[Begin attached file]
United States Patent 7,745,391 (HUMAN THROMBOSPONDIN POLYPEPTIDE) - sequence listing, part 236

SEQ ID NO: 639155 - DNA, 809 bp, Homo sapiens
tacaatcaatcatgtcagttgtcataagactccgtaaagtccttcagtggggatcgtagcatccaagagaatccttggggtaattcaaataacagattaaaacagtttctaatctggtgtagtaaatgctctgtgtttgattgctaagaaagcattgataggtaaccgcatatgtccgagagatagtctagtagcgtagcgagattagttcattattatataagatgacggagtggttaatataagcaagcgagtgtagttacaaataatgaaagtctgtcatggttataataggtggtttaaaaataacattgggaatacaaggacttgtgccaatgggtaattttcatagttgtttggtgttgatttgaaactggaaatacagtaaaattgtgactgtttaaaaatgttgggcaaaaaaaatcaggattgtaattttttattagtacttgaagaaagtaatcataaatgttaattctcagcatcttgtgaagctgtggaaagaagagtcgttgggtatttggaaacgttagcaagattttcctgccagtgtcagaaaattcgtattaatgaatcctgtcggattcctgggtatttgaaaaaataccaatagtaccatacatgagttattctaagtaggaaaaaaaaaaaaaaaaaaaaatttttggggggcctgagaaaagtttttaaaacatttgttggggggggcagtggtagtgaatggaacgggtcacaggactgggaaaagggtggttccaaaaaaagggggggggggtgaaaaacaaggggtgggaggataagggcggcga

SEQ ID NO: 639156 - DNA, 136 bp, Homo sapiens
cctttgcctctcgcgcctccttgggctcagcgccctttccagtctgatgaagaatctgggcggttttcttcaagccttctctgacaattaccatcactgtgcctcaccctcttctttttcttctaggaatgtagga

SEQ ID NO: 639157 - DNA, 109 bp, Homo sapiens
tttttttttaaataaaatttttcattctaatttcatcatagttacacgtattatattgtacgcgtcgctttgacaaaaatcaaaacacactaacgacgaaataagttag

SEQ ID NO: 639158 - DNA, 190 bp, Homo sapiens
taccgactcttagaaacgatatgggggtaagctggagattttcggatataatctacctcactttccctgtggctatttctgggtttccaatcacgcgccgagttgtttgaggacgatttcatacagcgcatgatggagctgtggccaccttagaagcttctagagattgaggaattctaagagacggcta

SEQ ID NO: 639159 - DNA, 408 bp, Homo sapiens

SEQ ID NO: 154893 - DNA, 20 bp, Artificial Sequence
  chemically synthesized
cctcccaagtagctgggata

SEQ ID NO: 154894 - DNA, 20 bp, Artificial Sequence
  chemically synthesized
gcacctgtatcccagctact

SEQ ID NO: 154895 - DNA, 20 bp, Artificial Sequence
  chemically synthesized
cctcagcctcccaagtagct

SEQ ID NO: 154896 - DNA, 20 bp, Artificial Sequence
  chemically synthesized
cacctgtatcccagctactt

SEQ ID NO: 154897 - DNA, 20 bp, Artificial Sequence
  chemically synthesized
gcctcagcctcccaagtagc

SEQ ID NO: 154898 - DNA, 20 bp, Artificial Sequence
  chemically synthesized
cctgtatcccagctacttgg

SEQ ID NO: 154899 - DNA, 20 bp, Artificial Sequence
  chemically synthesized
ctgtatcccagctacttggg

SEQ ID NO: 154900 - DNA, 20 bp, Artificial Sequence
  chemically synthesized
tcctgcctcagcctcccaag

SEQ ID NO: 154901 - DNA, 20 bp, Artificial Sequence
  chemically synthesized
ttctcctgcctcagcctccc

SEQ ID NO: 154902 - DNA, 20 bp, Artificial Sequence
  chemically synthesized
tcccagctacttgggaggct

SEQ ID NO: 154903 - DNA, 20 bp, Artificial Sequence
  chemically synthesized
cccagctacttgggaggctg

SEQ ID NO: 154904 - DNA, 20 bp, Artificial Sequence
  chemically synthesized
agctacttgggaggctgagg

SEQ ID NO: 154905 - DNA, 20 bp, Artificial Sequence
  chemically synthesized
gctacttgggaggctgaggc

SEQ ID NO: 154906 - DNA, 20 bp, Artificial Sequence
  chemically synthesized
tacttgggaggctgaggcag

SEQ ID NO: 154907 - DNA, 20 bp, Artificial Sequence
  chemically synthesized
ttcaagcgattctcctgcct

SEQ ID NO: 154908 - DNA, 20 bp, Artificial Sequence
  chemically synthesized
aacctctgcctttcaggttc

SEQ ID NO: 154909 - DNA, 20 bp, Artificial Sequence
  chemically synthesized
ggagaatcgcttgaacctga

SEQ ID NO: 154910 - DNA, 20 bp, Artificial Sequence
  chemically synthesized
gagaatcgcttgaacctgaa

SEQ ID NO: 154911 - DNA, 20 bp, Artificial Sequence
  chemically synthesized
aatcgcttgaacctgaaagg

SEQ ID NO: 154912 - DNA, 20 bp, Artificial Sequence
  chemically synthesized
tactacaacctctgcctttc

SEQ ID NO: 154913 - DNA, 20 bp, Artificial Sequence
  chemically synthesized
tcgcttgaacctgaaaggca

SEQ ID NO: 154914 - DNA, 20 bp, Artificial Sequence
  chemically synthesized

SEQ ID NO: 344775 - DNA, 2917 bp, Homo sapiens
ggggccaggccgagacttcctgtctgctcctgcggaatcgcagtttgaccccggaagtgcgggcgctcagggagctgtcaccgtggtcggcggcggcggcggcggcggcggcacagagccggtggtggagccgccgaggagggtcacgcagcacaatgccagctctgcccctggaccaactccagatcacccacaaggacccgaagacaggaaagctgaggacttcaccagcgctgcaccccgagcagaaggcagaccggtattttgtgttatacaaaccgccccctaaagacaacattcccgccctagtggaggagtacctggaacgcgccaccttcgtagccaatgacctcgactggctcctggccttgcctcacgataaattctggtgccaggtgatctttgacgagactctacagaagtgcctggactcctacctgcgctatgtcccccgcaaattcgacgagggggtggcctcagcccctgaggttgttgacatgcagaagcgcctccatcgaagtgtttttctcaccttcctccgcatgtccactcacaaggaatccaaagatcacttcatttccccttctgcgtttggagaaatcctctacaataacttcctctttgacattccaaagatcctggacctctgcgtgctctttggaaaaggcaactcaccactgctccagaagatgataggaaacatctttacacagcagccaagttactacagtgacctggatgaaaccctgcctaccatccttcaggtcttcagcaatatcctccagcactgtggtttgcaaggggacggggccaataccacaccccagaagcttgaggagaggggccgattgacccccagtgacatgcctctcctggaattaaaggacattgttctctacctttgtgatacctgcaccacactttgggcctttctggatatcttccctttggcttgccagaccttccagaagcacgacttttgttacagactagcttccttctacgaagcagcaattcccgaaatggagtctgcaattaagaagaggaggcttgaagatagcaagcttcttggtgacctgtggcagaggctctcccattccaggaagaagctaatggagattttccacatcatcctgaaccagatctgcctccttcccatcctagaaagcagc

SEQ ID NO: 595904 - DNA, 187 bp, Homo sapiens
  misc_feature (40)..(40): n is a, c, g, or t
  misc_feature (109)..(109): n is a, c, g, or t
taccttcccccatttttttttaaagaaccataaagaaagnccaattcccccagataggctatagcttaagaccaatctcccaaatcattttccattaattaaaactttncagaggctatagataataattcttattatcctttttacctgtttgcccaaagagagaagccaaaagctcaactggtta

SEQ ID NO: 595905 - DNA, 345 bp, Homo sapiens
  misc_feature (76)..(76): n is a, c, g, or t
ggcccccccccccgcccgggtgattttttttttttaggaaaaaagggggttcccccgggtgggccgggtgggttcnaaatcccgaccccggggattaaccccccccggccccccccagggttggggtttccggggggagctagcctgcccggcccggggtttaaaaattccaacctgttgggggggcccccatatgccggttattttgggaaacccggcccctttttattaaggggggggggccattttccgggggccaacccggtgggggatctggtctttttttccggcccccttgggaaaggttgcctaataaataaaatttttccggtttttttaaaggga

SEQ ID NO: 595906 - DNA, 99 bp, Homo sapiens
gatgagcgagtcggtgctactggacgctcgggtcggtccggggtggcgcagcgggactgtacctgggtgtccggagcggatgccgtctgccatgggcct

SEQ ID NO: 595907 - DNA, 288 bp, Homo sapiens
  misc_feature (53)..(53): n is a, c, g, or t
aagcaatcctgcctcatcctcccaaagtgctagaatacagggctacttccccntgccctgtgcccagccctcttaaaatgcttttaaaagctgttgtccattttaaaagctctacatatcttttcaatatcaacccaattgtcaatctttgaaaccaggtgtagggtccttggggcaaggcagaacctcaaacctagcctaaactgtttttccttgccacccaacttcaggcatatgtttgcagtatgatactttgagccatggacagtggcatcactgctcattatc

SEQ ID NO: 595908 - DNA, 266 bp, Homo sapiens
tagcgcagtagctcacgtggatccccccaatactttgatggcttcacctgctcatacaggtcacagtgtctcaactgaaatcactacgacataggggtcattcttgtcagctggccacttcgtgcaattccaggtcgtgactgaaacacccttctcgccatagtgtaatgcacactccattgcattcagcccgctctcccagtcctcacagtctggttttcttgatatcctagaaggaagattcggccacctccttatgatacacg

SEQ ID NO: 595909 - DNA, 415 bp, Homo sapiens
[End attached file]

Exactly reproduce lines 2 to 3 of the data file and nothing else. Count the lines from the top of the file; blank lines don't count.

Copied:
SEQ ID NO: 639155 - DNA, 809 bp, Homo sapiens
tacaatcaatcatgtcagttgtcataagactccgtaaagtccttcagtggggatcgtagcatccaagagaatccttggggtaattcaaataacagattaaaacagtttctaatctggtgtagtaaatgctctgtgtttgattgctaagaaagcattgataggtaaccgcatatgtccgagagatagtctagtagcgtagcgagattagttcattattatataagatgacggagtggttaatataagcaagcgagtgtagttacaaataatgaaagtctgtcatggttataataggtggtttaaaaataacattgggaatacaaggacttgtgccaatgggtaattttcatagttgtttggtgttgatttgaaactggaaatacagtaaaattgtgactgtttaaaaatgttgggcaaaaaaaatcaggattgtaattttttattagtacttgaagaaagtaatcataaatgttaattctcagcatcttgtgaagctgtggaaagaagagtcgttgggtatttggaaacgttagcaagattttcctgccagtgtcagaaaattcgtattaatgaatcctgtcggattcctgggtatttgaaaaaataccaatagtaccatacatgagttattctaagtaggaaaaaaaaaaaaaaaaaaaaatttttggggggcctgagaaaagtttttaaaacatttgttggggggggcagtggtagtgaatggaacgggtcacaggactgggaaaagggtggttccaaaaaaagggggggggggtgaaaaacaaggggtgggaggataagggcggcga